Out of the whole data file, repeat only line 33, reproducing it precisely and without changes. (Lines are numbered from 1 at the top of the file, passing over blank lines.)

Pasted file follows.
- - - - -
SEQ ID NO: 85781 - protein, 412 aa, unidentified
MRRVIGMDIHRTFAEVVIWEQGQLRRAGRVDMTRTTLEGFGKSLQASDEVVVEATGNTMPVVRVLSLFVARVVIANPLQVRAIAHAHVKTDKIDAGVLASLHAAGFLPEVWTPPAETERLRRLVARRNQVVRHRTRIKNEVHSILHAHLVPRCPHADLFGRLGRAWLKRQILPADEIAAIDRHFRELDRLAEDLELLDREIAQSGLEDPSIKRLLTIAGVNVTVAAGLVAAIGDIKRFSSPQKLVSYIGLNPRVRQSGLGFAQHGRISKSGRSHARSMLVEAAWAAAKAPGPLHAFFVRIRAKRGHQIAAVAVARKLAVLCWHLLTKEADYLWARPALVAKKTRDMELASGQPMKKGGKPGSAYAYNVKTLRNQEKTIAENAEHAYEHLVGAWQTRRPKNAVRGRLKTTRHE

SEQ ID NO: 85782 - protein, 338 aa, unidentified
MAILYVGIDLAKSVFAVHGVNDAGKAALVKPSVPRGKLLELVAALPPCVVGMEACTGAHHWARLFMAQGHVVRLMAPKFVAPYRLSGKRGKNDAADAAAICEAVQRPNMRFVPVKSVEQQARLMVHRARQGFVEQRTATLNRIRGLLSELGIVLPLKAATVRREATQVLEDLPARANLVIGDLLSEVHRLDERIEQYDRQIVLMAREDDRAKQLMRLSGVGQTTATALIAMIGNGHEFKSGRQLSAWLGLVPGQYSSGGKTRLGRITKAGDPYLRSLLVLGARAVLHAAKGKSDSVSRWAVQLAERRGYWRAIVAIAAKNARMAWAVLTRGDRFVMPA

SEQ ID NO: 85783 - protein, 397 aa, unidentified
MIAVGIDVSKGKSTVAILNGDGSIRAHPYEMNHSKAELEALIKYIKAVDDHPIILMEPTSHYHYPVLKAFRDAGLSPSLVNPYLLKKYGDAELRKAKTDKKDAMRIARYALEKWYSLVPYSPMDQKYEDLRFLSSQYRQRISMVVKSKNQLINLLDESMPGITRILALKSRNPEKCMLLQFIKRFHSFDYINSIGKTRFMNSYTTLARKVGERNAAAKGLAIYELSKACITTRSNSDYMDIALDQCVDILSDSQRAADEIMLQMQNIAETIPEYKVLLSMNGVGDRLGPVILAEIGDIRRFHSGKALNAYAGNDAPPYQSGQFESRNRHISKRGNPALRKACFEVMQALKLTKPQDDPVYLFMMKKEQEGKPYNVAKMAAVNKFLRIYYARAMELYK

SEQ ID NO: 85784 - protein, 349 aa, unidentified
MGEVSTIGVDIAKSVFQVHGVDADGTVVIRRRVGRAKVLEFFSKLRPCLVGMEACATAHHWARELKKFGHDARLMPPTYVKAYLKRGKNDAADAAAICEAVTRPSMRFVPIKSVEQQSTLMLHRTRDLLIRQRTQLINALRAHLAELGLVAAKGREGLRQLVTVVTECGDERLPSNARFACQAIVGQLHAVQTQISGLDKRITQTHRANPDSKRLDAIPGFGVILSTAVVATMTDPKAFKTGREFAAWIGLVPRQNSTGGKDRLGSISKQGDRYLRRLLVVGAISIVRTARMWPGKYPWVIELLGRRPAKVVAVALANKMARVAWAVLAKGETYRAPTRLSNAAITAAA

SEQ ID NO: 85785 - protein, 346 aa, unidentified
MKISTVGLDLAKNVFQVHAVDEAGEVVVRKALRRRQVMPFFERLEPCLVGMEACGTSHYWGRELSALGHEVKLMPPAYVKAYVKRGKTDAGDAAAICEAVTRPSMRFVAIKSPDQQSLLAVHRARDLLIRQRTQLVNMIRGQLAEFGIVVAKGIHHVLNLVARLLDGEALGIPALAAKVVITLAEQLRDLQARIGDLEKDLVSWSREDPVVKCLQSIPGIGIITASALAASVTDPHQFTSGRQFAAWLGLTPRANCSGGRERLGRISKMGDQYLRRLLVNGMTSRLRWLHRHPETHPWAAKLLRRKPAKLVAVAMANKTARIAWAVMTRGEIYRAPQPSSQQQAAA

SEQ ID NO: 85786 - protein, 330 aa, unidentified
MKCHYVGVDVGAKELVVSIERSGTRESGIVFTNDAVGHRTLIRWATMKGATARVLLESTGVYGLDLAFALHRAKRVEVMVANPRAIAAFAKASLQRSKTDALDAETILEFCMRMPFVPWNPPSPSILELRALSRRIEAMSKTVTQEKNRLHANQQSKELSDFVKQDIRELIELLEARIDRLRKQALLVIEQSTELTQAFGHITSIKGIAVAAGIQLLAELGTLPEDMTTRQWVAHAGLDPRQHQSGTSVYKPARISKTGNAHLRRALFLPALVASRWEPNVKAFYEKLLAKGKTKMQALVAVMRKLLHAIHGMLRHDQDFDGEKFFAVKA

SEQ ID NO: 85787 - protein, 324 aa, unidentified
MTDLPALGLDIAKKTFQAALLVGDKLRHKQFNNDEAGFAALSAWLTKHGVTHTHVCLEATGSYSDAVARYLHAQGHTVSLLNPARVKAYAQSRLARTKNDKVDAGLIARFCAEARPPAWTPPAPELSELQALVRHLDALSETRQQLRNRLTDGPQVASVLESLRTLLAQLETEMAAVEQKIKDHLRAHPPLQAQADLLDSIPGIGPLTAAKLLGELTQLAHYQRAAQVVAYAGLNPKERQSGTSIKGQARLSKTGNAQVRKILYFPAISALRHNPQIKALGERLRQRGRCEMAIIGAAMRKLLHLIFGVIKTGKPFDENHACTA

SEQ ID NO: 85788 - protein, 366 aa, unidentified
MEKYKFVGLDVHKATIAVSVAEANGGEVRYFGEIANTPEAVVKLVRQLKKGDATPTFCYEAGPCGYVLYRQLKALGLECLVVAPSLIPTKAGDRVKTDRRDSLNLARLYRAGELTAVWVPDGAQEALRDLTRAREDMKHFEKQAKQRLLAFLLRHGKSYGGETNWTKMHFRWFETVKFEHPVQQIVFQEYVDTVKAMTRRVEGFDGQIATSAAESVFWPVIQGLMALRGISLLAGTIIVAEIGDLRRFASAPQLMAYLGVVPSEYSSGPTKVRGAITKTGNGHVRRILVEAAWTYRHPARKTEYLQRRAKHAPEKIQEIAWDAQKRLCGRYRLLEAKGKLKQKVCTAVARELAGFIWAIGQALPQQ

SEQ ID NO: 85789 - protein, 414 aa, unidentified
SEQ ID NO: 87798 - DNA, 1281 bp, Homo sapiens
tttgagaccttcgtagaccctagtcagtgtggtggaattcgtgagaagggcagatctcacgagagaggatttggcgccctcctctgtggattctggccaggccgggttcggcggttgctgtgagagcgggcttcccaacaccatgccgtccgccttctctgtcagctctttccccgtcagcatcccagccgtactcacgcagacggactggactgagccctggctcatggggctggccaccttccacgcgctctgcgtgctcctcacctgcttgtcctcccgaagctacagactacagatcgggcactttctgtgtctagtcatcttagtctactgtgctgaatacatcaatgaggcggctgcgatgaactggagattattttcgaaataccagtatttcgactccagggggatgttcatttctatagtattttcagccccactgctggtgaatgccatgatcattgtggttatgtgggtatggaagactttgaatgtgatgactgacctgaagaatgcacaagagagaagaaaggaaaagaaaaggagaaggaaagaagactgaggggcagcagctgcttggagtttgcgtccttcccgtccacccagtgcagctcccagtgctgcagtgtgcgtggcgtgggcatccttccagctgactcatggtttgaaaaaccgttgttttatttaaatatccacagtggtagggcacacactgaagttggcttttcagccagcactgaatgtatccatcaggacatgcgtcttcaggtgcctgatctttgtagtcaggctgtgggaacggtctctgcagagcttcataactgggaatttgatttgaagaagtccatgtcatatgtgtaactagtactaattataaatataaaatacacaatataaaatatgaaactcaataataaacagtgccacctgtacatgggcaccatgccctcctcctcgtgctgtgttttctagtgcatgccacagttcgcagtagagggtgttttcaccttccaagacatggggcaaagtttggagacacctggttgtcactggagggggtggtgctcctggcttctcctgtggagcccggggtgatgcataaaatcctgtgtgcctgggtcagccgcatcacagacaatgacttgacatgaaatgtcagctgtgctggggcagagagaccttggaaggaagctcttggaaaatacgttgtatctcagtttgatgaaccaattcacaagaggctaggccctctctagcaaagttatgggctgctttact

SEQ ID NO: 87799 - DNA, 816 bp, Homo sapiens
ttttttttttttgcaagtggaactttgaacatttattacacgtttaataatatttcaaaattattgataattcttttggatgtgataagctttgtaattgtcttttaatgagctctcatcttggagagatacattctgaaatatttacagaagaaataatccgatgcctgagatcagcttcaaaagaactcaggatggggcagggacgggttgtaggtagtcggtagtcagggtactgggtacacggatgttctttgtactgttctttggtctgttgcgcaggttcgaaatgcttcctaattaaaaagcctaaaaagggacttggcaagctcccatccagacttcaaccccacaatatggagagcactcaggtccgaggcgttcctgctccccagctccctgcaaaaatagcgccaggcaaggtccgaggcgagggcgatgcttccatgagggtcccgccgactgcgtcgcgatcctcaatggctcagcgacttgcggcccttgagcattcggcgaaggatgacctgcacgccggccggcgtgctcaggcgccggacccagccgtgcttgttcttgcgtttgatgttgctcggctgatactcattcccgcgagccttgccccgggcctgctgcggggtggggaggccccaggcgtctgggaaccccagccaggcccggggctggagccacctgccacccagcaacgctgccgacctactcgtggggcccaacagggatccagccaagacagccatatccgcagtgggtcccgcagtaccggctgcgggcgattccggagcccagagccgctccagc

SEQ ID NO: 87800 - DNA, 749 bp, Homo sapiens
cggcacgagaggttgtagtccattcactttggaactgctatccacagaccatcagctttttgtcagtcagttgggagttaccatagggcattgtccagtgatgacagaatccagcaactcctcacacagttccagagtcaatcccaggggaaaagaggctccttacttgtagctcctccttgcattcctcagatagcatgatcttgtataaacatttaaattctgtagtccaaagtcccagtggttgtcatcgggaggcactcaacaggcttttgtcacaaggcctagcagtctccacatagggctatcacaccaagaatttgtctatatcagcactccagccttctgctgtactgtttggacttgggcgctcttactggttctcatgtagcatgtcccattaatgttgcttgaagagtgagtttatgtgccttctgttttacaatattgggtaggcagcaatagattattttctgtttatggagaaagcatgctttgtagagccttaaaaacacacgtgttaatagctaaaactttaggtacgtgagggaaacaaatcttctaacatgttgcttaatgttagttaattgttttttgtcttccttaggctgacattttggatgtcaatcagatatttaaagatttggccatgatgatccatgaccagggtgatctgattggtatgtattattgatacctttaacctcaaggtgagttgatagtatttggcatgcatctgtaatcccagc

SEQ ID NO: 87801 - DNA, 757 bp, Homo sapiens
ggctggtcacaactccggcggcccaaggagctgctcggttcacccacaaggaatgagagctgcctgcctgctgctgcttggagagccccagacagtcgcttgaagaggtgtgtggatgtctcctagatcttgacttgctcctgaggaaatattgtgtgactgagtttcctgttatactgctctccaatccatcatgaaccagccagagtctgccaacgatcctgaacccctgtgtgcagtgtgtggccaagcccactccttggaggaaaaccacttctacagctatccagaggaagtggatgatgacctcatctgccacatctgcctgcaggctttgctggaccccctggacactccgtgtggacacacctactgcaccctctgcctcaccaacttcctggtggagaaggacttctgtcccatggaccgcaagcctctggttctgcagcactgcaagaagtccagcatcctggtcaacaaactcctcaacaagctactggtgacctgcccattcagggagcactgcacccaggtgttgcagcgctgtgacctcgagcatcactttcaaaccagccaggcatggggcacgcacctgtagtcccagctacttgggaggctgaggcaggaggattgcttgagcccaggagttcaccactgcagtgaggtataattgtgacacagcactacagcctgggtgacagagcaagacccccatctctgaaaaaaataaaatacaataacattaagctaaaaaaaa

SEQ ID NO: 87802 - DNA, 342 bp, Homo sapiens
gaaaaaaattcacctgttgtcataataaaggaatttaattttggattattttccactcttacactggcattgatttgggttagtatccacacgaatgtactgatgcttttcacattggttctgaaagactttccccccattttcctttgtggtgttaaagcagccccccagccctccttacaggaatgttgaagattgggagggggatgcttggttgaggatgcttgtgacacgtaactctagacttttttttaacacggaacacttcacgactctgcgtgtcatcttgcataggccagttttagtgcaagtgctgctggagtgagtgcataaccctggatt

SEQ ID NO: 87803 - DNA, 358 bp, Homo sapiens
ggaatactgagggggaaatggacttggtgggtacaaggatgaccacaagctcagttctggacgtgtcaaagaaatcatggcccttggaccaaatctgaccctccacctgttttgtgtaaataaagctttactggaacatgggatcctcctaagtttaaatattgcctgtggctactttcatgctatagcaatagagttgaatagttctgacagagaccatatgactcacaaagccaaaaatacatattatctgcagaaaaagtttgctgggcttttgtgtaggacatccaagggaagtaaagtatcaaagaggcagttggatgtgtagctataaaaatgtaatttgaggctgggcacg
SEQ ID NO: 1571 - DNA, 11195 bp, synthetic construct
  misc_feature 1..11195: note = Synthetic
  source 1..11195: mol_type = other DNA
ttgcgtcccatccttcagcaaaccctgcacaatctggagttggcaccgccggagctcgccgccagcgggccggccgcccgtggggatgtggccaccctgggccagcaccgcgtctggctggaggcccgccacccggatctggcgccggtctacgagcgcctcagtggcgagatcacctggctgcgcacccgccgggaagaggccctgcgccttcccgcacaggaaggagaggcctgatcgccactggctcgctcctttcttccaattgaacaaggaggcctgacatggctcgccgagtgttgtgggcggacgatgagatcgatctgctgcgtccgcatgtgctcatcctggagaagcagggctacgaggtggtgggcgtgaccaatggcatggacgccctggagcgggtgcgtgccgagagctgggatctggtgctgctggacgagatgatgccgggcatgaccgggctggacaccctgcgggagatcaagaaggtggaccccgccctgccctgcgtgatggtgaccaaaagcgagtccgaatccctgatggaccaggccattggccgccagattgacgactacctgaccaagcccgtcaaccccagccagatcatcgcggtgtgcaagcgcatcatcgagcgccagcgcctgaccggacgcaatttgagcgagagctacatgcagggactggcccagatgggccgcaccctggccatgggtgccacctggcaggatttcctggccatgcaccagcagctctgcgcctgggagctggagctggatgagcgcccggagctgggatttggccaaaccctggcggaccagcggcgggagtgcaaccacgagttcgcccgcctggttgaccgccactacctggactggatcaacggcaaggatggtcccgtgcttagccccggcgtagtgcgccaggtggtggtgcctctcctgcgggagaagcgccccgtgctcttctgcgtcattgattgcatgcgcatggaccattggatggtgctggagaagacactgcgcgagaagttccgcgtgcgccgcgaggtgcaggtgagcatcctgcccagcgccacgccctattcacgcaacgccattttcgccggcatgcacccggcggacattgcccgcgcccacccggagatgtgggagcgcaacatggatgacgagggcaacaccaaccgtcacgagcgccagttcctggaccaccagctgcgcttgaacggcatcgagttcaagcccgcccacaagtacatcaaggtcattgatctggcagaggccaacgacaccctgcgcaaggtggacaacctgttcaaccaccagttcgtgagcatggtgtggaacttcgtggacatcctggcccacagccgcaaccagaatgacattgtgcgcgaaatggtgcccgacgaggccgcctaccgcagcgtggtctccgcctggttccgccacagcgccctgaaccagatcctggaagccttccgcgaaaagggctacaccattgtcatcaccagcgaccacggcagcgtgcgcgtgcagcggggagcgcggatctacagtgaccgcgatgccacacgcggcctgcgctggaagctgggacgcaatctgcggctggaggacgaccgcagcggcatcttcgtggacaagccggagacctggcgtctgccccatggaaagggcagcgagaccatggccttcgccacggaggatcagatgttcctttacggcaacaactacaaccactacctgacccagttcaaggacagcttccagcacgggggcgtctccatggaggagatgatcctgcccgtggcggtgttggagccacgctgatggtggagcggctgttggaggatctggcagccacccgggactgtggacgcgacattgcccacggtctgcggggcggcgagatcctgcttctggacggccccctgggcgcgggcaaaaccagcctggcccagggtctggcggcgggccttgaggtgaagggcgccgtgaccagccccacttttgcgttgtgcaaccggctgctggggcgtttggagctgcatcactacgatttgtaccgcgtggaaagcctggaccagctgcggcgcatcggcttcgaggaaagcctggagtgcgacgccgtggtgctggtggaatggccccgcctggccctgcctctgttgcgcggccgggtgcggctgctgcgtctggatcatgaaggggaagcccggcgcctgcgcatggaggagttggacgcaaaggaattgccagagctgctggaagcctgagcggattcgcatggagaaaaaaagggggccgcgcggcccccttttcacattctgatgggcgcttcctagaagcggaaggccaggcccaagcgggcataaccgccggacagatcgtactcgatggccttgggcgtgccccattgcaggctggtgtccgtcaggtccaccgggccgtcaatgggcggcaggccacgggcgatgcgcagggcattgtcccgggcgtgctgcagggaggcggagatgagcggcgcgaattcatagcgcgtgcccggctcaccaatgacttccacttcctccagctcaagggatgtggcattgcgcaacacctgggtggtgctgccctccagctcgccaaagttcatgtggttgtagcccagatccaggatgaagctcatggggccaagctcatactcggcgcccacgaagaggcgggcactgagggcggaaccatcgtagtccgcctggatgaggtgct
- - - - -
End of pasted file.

ttgcgtcccatccttcagcaaaccctgcacaatctggagttggcaccgccggagctcgccgccagcgggccggccgcccgtggggatgtggccaccctgggccagcaccgcgtctggctggaggcccgccacccggatctggcgccggtctacgagcgcctcagtggcgagatcacctggctgcgcacccgccgggaagaggccctgcgccttcccgcacaggaaggagaggcctgatcgccactggctcgctcctttcttccaattgaacaaggaggcctgacatggctcgccgagtgttgtgggcggacgatgagatcgatctgctgcgtccgcatgtgctcatcctggagaagcagggctacgaggtggtgggcgtgaccaatggcatggacgccctggagcgggtgcgtgccgagagctgggatctggtgctgctggacgagatgatgccgggcatgaccgggctggacaccctgcgggagatcaagaaggtggaccccgccctgccctgcgtgatggtgaccaaaagcgagtccgaatccctgatggaccaggccattggccgccagattgacgactacctgaccaagcccgtcaaccccagccagatcatcgcggtgtgcaagcgcatcatcgagcgccagcgcctgaccggacgcaatttgagcgagagctacatgcagggactggcccagatgggccgcaccctggccatgggtgccacctggcaggatttcctggccatgcaccagcagctctgcgcctgggagctggagctggatgagcgcccggagctgggatttggccaaaccctggcggaccagcggcgggagtgcaaccacgagttcgcccgcctggttgaccgccactacctggactggatcaacggcaaggatggtcccgtgcttagccccggcgtagtgcgccaggtggtggtgcctctcctgcgggagaagcgccccgtgctcttctgcgtcattgattgcatgcgcatggaccattggatggtgctggagaagacactgcgcgagaagttccgcgtgcgccgcgaggtgcaggtgagcatcctgcccagcgccacgccctattcacgcaacgccattttcgccggcatgcacccggcggacattgcccgcgcccacccggagatgtgggagcgcaacatggatgacgagggcaacaccaaccgtcacgagcgccagttcctggaccaccagctgcgcttgaacggcatcgagttcaagcccgcccacaagtacatcaaggtcattgatctggcagaggccaacgacaccctgcgcaaggtggacaacctgttcaaccaccagttcgtgagcatggtgtggaacttcgtggacatcctggcccacagccgcaaccagaatgacattgtgcgcgaaatggtgcccgacgaggccgcctaccgcagcgtggtctccgcctggttccgccacagcgccctgaaccagatcctggaagccttccgcgaaaagggctacaccattgtcatcaccagcgaccacggcagcgtgcgcgtgcagcggggagcgcggatctacagtgaccgcgatgccacacgcggcctgcgctggaagctgggacgcaatctgcggctggaggacgaccgcagcggcatcttcgtggacaagccggagacctggcgtctgccccatggaaagggcagcgagaccatggccttcgccacggaggatcagatgttcctttacggcaacaactacaaccactacctgacccagttcaaggacagcttccagcacgggggcgtctccatggaggagatgatcctgcccgtggcggtgttggagccacgctgatggtggagcggctgttggaggatctggcagccacccgggactgtggacgcgacattgcccacggtctgcggggcggcgagatcctgcttctggacggccccctgggcgcgggcaaaaccagcctggcccagggtctggcggcgggccttgaggtgaagggcgccgtgaccagccccacttttgcgttgtgcaaccggctgctggggcgtttggagctgcatcactacgatttgtaccgcgtggaaagcctggaccagctgcggcgcatcggcttcgaggaaagcctggagtgcgacgccgtggtgctggtggaatggccccgcctggccctgcctctgttgcgcggccgggtgcggctgctgcgtctggatcatgaaggggaagcccggcgcctgcgcatggaggagttggacgcaaaggaattgccagagctgctggaagcctgagcggattcgcatggagaaaaaaagggggccgcgcggcccccttttcacattctgatgggcgcttcctagaagcggaaggccaggcccaagcgggcataaccgccggacagatcgtactcgatggccttgggcgtgccccattgcaggctggtgtccgtcaggtccaccgggccgtcaatgggcggcaggccacgggcgatgcgcagggcattgtcccgggcgtgctgcagggaggcggagatgagcggcgcgaattcatagcgcgtgcccggctcaccaatgacttccacttcctccagctcaagggatgtggcattgcgcaacacctgggtggtgctgccctccagctcgccaaagttcatgtggttgtagcccagatccaggatgaagctcatggggccaagctcatactcggcgcccacgaagaggcgggcactgagggcggaaccatcgtagtccgcctggatgaggtgct